The scenic drive along the coast
The drive along the west coast was exceptionally easy, given the lack of other cars and the easy to follow signage. Most of the towns we drove through were empty, or close to it, with the large majority of accommodation closed for winter. Navigating was easy as well, as we followed the signs south to Santa Maria di Leuca. The only mildly difficult part of the drive was the main street through Gallipoli during ‘rush hour’, especially where two roads merged and there seemed to be no logic to which car had the right of way!
While the driving south during the day was easy, we decided to drive back to Otranto through the ‘main’ road that runs from Santa Maria di Leuca to Lecce. Although on the map the road (SS275) appears to be a major road, it passed through countless towns which made for a more stressful and (very) slow drive. Leaving Santa Maria di Leuca at sunset meant that part of the drive to Maglie and onward to Otranto was in the dark, with the lack of lighting along the road and the traffic getting heavier as we ventured north, making for some stressful driving. I was very happy to finally park the car at the end of the drive!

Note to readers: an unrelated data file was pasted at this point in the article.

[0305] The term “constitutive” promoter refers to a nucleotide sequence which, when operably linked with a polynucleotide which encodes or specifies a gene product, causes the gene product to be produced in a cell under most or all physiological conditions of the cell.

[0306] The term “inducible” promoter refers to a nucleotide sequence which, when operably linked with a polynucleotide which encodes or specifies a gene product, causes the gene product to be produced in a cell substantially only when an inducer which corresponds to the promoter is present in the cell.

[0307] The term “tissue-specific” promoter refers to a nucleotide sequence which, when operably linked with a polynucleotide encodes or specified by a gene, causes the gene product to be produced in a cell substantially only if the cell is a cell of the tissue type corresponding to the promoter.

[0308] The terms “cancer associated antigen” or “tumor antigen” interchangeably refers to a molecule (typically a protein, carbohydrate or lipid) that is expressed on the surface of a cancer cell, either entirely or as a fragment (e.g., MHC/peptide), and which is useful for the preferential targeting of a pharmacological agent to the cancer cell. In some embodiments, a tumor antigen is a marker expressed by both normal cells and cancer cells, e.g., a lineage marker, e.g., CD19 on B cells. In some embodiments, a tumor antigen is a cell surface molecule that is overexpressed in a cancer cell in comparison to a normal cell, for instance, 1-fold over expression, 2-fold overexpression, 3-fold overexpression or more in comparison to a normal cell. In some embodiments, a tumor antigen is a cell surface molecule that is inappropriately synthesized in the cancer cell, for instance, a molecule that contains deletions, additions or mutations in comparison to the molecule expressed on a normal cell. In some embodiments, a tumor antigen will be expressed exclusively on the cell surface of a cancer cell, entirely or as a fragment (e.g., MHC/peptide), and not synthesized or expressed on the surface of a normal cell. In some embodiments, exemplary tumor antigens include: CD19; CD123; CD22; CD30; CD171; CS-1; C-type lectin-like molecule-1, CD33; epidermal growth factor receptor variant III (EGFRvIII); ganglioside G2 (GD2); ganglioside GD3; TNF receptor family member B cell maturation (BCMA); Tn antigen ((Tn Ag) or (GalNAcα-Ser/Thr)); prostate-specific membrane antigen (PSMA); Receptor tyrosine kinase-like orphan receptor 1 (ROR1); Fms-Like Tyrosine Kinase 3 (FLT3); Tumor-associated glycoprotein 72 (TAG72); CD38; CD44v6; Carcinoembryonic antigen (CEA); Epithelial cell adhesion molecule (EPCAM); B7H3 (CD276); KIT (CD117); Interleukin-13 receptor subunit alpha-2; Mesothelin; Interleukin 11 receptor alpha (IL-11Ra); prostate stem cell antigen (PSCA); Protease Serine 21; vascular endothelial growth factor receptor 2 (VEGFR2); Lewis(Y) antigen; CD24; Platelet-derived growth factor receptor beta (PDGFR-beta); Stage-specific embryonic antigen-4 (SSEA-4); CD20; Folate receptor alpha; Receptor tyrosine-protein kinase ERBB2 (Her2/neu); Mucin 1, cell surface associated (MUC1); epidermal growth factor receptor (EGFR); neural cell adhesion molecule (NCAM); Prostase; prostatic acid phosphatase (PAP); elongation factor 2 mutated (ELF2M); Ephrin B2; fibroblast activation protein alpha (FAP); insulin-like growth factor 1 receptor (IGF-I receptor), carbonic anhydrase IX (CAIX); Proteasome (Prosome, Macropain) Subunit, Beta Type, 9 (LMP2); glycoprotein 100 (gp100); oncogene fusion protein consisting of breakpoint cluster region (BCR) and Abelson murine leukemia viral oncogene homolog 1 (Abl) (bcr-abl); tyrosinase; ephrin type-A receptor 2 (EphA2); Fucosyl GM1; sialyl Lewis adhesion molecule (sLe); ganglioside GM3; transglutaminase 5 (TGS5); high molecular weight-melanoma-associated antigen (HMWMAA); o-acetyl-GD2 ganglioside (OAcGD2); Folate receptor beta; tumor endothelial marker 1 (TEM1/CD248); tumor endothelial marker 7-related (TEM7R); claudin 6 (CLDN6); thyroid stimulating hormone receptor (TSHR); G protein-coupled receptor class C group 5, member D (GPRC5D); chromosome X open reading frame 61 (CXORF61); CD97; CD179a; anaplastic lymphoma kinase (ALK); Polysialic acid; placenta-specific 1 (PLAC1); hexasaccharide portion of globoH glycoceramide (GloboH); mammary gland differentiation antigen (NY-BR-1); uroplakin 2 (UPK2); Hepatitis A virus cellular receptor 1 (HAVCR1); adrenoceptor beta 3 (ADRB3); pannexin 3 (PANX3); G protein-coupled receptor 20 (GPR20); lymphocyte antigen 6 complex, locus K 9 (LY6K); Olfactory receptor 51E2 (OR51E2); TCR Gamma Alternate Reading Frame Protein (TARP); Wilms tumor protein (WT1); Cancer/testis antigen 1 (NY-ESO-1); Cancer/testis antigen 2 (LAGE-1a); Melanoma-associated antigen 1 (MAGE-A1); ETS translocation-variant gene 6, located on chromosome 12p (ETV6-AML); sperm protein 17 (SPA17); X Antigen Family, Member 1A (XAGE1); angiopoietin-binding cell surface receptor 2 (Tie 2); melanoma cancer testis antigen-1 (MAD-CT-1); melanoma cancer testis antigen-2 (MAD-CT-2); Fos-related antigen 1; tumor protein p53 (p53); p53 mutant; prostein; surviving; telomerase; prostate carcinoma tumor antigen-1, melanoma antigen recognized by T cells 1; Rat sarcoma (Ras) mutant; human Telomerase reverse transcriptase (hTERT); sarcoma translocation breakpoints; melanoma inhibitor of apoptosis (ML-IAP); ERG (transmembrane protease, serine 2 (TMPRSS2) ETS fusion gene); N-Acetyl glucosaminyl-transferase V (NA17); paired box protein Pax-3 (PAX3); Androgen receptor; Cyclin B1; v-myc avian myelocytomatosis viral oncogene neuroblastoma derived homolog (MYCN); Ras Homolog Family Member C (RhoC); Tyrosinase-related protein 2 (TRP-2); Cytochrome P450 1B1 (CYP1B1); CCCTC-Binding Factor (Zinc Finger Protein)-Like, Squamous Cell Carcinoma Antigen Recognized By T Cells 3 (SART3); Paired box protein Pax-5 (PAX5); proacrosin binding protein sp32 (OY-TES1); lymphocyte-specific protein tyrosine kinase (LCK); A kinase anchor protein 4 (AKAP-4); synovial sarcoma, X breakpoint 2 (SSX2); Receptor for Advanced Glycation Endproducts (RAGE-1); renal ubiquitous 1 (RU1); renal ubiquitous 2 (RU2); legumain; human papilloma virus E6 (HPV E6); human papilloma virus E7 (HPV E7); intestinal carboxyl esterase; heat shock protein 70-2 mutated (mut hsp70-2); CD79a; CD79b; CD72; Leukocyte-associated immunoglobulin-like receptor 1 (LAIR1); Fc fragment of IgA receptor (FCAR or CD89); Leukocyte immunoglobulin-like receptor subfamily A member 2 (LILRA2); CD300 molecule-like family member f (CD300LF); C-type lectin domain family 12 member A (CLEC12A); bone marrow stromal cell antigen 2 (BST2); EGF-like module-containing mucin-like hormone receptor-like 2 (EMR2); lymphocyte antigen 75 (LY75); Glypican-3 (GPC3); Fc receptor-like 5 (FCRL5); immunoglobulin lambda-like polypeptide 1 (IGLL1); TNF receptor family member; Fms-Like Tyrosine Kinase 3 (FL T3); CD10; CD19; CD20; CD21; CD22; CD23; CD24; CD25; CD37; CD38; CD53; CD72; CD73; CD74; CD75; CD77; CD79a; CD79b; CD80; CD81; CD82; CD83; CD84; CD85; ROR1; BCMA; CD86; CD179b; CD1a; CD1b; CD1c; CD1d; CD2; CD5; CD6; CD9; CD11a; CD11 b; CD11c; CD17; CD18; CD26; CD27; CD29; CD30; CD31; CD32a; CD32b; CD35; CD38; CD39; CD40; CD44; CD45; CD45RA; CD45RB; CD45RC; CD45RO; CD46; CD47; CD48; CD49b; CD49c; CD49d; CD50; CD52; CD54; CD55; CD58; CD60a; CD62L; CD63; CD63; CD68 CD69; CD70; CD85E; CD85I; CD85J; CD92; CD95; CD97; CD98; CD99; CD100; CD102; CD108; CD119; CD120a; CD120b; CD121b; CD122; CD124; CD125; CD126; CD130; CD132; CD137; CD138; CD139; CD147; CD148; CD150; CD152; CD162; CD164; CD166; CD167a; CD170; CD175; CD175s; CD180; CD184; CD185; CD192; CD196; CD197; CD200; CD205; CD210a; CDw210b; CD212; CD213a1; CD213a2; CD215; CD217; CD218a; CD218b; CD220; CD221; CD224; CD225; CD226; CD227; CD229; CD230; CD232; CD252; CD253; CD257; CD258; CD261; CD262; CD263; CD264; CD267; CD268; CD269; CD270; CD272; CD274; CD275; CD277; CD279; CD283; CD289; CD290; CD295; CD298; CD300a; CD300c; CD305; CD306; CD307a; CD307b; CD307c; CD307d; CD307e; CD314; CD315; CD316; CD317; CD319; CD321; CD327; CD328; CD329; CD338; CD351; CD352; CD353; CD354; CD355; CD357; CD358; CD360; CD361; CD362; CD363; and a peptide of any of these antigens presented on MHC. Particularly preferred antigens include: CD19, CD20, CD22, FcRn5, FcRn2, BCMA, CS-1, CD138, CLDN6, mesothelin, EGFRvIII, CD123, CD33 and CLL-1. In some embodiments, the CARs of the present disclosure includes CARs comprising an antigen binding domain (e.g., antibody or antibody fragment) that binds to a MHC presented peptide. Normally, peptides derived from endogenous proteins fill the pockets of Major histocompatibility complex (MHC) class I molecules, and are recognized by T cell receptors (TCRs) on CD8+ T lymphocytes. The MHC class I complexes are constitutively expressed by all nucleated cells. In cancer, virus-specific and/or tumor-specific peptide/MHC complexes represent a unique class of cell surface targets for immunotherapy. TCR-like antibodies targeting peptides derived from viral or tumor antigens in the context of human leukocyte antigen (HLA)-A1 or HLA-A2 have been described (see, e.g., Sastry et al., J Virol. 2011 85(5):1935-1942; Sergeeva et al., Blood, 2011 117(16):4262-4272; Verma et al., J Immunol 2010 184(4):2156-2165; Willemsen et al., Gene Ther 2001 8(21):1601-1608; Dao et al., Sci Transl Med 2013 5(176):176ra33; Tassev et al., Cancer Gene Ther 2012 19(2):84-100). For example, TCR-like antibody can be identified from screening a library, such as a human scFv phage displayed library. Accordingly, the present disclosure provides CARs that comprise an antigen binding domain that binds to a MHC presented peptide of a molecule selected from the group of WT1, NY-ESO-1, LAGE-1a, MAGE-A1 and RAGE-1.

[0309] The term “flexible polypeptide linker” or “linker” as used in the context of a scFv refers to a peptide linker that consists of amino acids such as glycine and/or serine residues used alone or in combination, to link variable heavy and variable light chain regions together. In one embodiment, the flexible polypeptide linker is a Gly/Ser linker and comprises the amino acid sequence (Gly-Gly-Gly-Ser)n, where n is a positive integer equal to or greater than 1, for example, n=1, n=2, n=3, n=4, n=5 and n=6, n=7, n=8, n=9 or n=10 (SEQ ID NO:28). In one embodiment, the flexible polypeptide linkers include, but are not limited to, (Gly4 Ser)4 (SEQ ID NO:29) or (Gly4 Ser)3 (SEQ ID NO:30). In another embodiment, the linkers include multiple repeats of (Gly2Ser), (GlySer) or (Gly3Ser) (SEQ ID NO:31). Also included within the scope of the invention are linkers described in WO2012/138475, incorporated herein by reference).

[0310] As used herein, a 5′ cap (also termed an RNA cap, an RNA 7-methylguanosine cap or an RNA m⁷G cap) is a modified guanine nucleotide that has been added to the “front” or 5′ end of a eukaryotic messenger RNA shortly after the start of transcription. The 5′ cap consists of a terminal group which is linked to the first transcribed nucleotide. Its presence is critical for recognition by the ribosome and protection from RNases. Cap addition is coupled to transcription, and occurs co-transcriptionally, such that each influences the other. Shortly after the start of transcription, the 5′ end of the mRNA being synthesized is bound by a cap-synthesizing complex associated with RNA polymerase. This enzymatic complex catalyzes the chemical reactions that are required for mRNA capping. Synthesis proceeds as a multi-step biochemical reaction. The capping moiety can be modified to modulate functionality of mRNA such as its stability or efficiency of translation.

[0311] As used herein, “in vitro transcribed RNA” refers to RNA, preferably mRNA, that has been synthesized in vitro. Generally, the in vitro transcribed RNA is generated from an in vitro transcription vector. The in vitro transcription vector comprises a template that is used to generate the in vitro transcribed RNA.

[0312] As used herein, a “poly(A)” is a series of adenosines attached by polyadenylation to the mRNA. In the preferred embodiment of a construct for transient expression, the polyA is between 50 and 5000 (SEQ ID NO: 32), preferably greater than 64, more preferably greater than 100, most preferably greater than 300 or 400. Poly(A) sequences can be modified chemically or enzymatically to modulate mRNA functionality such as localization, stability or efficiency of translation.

The East coast or the West coast?
After spending an afternoon soaking up the white sandy beaches of the Ionian sea, I’m torn between which ‘coast’ I enjoyed more. The west coast’s long strips of white beaches, holiday towns and gorgeous scenery while driving down large stretches of the coast serves up some stiff competition for the rocky, and pretty spectacular views along the east coast. If you’re trying to decide between the two, have a look at both of my blog posts and see which one you would prefer.
Have you been to the Salento region? What were your favourite sites? Leave me a comment below 🙂